If there was a prize for judicial triteness, the contributions of the Indian judiciary’s cream at the opening of the International Judicial Conference 2020, hosted by the Supreme Court, on Saturday would be a clear winner. Cringe-worthy as that was, it pales into insignificance seen against the sycophancy towards Prime Minster Narendra Modi, and the out-of context deference shown to exactly the sort of things said routinely by the current political establishment.
Their lordships simply failed to inspire confidence in the idea of the independence of the judiciary as they delivered sermons on the subject of “Judiciary in a Changing World” before a gathering from 20 nations. What impression of India’s democracy they left on visitors is moot.
Justice Arun Kumar Mishra, the third senior most judge of the Supreme Court, eulogised the PM as “an internationally acclaimed visionary” and a “versatile genius who thinks globally and acts locally” as he thanked Mr Modi for his “inspiring speech which would act as a catalyst in initiating the deliberations and setting the agenda for the conference”.
The PM, in his speech, thanked India’s judiciary for striking a balance between the needs of the environment and imperatives of development, and for delivering verdicts that were accepted by all Indians. These evidently struck Justice Mishra as being forays into genius territory. For other Indians, the question is apt to arise: In a tricky case, can ordinary citizens expect to be shown the same solicitude as the government if hosannas are publicly sung to the PM by a Supreme Court judge?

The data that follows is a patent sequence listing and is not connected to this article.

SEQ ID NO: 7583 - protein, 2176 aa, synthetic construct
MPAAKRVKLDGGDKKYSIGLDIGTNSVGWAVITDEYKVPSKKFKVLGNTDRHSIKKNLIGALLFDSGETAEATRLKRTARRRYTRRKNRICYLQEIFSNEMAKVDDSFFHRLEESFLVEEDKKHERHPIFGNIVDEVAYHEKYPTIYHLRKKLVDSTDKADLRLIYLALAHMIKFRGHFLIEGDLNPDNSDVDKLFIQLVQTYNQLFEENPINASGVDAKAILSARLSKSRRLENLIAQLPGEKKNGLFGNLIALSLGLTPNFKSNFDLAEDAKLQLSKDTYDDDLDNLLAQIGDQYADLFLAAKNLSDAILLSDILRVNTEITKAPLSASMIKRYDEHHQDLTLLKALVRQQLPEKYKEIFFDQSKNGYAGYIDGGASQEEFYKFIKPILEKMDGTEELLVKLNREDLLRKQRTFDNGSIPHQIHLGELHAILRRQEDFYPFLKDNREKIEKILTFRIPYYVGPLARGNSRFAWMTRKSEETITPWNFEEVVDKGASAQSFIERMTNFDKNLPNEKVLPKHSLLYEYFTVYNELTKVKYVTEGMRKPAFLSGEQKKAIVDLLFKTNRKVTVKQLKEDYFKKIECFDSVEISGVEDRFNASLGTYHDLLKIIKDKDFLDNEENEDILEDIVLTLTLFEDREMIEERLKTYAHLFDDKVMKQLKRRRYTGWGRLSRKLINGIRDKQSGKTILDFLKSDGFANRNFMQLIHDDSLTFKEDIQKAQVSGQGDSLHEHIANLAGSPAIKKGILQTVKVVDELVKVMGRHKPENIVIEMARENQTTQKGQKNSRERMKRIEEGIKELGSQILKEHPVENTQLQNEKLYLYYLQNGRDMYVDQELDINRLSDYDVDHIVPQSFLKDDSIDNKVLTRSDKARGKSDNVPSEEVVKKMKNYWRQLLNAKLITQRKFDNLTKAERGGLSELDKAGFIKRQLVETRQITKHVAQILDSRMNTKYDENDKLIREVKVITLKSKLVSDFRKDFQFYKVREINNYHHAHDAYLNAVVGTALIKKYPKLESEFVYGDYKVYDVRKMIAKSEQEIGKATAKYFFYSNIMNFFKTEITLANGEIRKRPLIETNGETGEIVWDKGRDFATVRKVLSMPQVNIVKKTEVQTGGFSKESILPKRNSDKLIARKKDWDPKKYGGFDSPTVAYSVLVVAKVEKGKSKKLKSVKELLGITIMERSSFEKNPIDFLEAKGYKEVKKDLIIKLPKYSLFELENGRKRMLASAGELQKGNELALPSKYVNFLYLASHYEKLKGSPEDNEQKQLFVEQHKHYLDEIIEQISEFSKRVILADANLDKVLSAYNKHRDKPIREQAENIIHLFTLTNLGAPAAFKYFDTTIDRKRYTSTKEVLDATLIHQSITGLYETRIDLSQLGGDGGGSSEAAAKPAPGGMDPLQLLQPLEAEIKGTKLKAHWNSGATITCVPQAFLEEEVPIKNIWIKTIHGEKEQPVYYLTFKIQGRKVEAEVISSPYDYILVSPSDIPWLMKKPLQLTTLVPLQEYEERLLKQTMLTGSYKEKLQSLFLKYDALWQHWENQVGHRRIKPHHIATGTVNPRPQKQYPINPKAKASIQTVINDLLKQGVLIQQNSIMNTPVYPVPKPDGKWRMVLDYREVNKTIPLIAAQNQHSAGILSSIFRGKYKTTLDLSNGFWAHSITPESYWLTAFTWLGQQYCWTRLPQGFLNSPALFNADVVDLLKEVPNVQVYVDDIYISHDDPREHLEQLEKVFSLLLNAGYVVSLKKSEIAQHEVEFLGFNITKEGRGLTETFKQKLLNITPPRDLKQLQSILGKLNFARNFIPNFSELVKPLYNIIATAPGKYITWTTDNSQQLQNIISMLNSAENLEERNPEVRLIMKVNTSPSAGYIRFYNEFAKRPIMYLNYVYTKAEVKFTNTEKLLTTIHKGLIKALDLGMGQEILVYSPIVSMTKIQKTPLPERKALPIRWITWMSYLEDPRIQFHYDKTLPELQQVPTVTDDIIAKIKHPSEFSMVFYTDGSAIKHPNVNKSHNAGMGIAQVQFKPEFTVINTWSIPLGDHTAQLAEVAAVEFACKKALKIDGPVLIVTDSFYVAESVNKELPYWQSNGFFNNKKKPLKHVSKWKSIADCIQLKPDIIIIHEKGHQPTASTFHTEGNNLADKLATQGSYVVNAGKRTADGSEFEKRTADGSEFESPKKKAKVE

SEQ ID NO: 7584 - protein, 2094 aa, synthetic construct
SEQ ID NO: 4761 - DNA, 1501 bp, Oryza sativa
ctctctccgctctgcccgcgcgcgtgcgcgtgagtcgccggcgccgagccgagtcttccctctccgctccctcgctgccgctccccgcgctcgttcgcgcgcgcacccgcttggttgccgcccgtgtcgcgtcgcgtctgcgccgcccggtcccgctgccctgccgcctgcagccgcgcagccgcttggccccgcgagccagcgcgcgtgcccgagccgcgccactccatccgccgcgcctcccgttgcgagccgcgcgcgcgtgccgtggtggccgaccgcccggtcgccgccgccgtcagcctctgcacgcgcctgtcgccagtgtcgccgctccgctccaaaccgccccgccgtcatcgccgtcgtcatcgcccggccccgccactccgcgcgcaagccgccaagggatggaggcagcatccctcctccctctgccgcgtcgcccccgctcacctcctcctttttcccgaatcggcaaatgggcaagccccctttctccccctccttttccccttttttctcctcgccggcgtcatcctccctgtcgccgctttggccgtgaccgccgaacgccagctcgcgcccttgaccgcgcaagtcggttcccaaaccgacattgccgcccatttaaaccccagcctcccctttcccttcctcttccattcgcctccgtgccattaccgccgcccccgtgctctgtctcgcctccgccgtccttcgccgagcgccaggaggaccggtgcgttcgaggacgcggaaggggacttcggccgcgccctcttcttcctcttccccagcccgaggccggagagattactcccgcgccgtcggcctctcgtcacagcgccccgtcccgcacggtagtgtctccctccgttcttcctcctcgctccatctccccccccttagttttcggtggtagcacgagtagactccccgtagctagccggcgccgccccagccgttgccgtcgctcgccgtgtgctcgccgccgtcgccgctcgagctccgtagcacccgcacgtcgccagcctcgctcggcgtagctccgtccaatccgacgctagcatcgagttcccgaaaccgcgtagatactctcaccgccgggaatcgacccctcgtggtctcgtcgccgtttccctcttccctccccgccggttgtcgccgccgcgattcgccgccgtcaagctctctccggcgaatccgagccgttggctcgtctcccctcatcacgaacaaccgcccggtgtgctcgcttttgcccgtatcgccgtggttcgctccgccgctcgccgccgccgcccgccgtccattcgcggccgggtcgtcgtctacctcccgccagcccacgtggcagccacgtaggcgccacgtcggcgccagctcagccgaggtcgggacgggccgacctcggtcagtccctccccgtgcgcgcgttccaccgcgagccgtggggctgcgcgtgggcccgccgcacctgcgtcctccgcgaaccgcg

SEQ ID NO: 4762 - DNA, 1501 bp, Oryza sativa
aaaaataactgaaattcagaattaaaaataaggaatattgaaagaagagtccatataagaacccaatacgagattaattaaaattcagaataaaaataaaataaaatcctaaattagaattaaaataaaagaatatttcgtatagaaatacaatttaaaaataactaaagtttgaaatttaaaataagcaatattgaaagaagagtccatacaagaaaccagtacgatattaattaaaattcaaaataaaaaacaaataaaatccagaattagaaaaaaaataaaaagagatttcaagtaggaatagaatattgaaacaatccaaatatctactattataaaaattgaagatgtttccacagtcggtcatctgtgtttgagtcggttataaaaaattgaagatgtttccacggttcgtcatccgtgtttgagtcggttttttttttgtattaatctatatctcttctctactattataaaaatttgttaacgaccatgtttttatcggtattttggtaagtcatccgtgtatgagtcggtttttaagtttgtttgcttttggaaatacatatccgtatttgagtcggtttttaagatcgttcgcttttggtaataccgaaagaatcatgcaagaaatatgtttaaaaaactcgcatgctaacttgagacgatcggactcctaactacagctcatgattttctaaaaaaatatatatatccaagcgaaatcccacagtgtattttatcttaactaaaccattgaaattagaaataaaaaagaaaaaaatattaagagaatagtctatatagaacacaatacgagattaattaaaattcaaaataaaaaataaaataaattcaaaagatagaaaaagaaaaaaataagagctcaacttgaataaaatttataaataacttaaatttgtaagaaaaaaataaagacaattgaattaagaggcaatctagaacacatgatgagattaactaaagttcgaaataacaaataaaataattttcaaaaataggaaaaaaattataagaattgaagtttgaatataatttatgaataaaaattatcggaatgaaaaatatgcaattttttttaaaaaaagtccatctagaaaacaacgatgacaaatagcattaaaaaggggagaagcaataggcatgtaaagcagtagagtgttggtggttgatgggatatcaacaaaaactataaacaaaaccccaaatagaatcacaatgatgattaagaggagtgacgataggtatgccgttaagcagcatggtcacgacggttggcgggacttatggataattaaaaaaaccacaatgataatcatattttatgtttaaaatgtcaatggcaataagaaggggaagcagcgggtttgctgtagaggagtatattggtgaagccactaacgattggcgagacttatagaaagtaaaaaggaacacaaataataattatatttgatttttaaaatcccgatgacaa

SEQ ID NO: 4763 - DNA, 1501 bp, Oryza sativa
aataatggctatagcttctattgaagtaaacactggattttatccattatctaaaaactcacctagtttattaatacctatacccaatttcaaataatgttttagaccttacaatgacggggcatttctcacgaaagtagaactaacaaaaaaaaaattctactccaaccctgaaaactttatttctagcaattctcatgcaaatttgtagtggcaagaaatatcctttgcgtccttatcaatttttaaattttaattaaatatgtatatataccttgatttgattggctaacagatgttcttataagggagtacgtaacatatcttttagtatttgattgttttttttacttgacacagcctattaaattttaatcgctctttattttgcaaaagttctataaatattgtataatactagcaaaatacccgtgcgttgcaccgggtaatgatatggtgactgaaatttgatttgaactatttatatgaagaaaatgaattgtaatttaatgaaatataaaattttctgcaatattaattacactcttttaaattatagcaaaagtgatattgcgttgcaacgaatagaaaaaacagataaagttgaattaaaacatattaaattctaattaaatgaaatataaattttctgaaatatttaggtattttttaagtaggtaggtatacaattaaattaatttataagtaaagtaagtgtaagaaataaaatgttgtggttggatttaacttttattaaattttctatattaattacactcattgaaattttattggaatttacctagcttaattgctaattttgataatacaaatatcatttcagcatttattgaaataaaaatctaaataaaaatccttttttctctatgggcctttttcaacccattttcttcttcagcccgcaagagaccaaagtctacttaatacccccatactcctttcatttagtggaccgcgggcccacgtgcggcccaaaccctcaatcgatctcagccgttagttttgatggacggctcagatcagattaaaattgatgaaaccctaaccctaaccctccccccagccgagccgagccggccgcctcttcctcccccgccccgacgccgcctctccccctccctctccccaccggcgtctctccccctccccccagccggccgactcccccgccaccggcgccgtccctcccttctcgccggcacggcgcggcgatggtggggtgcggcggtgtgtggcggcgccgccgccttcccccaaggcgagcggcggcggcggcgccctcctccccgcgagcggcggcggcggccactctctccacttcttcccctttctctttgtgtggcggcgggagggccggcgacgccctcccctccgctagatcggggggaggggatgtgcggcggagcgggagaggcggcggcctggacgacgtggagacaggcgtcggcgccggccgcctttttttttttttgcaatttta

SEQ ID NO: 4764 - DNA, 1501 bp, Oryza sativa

In the annals of India’s judiciary, the Supreme Court has keeled before the executive in the past (as during the Emergency) and is perceived to be doing so to this day. The Ayodhya case, the Judge Loya case, silence on habeas corpus matters pertaining to Kashmir, and the manner of handling the Rafale issue, have left much to be desired, and raised questions. However, it is hard to recall words that parallel Justice Mishra’s in praise of the PM.
Indeed, rectitude and reticence of a high order were not so long ago deemed worthy attributes even of sub-district judges, leave alone luminaries of the higher judiciary, as judicial officers routinely declined social and sometimes even family invitations to underline the neutrality and impartiality of their office. Once when then PM Rajiv Gandhi sought to visit the Chief Justice of India who had taken ill, the CJI quite rightly advised him not to, lest the harmless gesture be misunderstood.
The present CJI could have been more circumspect too at Saturday’s conference. Instead, Justice S.A. Bobde stressed “fundamental duties”, exactly as Mr Modi does. He spoke of courts functioning courts in India 2,000 years ago (Manu Smriti), which seemed like pandering to the gods of present-day politics, forgetting that legal institutions of ancient Egypt go back 5,000 years, and those of ancient Babylon (Hamurabi), ancient Rome — from which a good deal of modern laws derive — and ancient Greece pre-date the ancient Hindu system by many centuries.